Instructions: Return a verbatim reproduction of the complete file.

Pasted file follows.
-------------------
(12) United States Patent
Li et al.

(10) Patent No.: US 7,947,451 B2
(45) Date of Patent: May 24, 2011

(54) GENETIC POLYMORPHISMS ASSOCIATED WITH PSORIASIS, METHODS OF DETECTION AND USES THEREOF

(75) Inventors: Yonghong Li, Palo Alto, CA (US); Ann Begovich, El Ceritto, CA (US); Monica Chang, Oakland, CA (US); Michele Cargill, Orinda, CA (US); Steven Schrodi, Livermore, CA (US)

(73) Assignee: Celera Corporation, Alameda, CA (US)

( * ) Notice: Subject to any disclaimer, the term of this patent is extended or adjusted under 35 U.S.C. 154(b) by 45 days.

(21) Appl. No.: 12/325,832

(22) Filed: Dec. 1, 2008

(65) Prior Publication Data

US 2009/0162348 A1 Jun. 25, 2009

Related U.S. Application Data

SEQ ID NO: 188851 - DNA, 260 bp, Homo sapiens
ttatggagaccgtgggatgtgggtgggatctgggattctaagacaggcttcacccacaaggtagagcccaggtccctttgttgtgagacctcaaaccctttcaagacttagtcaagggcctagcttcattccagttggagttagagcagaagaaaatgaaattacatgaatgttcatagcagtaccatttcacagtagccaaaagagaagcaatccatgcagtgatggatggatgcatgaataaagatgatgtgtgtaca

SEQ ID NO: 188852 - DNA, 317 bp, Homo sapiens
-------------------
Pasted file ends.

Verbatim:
(12) United States Patent
Li et al.

(10) Patent No.: US 7,947,451 B2
(45) Date of Patent: May 24, 2011

(54) GENETIC POLYMORPHISMS ASSOCIATED WITH PSORIASIS, METHODS OF DETECTION AND USES THEREOF

(75) Inventors: Yonghong Li, Palo Alto, CA (US); Ann Begovich, El Ceritto, CA (US); Monica Chang, Oakland, CA (US); Michele Cargill, Orinda, CA (US); Steven Schrodi, Livermore, CA (US)

(73) Assignee: Celera Corporation, Alameda, CA (US)

( * ) Notice: Subject to any disclaimer, the term of this patent is extended or adjusted under 35 U.S.C. 154(b) by 45 days.

(21) Appl. No.: 12/325,832

(22) Filed: Dec. 1, 2008

(65) Prior Publication Data

US 2009/0162348 A1 Jun. 25, 2009

Related U.S. Application Data

SEQ ID NO: 188851 - DNA, 260 bp, Homo sapiens
ttatggagaccgtgggatgtgggtgggatctgggattctaagacaggcttcacccacaaggtagagcccaggtccctttgttgtgagacctcaaaccctttcaagacttagtcaagggcctagcttcattccagttggagttagagcagaagaaaatgaaattacatgaatgttcatagcagtaccatttcacagtagccaaaagagaagcaatccatgcagtgatggatggatgcatgaataaagatgatgtgtgtaca

SEQ ID NO: 188852 - DNA, 317 bp, Homo sapiens